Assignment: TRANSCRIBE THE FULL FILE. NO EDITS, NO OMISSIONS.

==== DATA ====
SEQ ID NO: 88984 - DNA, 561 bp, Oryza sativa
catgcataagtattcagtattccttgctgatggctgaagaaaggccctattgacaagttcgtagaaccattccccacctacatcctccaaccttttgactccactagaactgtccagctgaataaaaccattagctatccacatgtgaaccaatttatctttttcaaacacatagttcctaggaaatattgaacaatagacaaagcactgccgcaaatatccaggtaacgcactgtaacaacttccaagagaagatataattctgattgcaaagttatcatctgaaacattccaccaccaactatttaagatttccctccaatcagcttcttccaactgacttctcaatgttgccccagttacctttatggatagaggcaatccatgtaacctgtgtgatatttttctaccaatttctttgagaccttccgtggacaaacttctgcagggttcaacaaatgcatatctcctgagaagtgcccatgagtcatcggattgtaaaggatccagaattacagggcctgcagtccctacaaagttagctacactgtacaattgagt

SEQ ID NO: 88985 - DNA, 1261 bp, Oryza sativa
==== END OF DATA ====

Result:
SEQ ID NO: 88984 - DNA, 561 bp, Oryza sativa
catgcataagtattcagtattccttgctgatggctgaagaaaggccctattgacaagttcgtagaaccattccccacctacatcctccaaccttttgactccactagaactgtccagctgaataaaaccattagctatccacatgtgaaccaatttatctttttcaaacacatagttcctaggaaatattgaacaatagacaaagcactgccgcaaatatccaggtaacgcactgtaacaacttccaagagaagatataattctgattgcaaagttatcatctgaaacattccaccaccaactatttaagatttccctccaatcagcttcttccaactgacttctcaatgttgccccagttacctttatggatagaggcaatccatgtaacctgtgtgatatttttctaccaatttctttgagaccttccgtggacaaacttctgcagggttcaacaaatgcatatctcctgagaagtgcccatgagtcatcggattgtaaaggatccagaattacagggcctgcagtccctacaaagttagctacactgtacaattgagt

SEQ ID NO: 88985 - DNA, 1261 bp, Oryza sativa